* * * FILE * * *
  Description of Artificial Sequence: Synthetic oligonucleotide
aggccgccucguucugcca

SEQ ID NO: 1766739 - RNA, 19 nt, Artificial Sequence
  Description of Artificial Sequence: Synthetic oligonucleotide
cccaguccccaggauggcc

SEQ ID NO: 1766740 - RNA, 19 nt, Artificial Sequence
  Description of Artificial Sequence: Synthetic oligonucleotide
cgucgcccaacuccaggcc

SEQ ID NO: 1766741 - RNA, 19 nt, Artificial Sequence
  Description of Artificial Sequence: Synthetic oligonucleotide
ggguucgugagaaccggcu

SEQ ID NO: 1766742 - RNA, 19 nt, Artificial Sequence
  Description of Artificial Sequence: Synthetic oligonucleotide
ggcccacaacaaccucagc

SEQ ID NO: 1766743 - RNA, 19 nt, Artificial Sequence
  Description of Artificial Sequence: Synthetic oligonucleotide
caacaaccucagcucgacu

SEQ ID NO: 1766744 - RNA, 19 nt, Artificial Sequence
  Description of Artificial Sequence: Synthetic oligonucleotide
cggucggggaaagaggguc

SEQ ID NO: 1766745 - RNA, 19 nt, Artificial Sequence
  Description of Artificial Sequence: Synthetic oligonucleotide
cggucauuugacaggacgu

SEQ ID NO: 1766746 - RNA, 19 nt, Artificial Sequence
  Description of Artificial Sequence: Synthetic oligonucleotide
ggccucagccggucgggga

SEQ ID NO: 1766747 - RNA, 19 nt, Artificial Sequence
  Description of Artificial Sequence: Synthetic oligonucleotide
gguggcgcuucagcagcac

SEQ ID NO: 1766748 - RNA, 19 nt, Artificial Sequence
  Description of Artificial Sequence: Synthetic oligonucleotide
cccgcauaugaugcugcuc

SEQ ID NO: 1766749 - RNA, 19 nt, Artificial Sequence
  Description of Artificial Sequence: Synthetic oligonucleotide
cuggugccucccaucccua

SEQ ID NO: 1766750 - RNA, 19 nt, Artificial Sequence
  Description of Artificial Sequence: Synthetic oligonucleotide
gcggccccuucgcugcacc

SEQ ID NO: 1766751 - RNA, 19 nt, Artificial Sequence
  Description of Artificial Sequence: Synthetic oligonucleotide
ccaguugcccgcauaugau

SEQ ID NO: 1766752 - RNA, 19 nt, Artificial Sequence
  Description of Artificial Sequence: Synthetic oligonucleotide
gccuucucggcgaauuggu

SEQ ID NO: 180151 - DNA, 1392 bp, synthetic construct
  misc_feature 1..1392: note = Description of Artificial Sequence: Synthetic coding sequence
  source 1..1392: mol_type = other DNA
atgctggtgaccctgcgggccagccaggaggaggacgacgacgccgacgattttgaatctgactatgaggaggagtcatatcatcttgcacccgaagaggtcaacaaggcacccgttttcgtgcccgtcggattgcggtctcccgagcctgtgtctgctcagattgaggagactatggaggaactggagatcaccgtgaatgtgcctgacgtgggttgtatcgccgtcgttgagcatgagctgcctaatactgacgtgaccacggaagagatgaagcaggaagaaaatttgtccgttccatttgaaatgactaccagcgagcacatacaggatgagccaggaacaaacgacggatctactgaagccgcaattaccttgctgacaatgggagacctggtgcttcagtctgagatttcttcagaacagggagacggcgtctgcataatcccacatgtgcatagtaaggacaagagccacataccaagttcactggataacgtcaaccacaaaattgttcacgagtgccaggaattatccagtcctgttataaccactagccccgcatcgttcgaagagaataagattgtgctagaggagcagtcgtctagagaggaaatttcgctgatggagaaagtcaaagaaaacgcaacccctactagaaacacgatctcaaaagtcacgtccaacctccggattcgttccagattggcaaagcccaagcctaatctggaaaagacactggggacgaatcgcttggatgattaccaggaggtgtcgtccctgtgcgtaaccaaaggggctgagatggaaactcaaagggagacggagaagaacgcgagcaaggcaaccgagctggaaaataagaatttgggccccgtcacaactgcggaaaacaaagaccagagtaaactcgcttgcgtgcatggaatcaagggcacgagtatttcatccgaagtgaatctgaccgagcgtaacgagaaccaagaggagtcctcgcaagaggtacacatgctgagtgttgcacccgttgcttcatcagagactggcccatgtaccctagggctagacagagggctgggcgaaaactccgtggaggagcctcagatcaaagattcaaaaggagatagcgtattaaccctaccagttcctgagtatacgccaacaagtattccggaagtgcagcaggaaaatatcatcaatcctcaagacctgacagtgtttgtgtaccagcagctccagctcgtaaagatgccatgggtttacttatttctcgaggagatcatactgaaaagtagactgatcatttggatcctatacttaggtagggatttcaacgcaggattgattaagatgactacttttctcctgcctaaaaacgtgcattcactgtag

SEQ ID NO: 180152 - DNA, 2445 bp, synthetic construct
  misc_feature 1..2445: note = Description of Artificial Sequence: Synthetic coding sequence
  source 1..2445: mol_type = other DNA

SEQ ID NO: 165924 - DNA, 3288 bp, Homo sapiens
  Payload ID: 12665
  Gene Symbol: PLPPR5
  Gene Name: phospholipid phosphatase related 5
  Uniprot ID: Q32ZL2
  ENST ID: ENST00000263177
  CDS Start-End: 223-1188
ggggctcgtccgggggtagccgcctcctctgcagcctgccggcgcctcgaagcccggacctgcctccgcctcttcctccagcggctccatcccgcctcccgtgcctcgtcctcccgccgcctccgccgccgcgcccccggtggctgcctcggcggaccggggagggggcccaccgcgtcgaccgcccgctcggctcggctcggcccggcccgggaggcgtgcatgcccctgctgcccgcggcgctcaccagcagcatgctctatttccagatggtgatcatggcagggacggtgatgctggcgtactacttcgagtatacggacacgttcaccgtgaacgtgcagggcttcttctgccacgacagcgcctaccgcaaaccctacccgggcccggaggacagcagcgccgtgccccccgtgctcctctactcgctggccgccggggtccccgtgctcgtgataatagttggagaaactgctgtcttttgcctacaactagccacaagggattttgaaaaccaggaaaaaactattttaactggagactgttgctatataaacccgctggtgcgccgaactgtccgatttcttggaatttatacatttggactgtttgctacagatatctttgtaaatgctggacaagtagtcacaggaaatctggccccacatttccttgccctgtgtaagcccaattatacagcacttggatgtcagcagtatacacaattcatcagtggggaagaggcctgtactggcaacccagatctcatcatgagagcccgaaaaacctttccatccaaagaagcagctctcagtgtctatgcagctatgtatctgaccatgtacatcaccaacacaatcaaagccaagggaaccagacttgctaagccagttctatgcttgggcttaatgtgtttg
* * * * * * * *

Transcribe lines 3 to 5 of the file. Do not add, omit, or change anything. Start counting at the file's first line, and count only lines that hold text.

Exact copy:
SEQ ID NO: 1766739 - RNA, 19 nt, Artificial Sequence
  Description of Artificial Sequence: Synthetic oligonucleotide
cccaguccccaggauggcc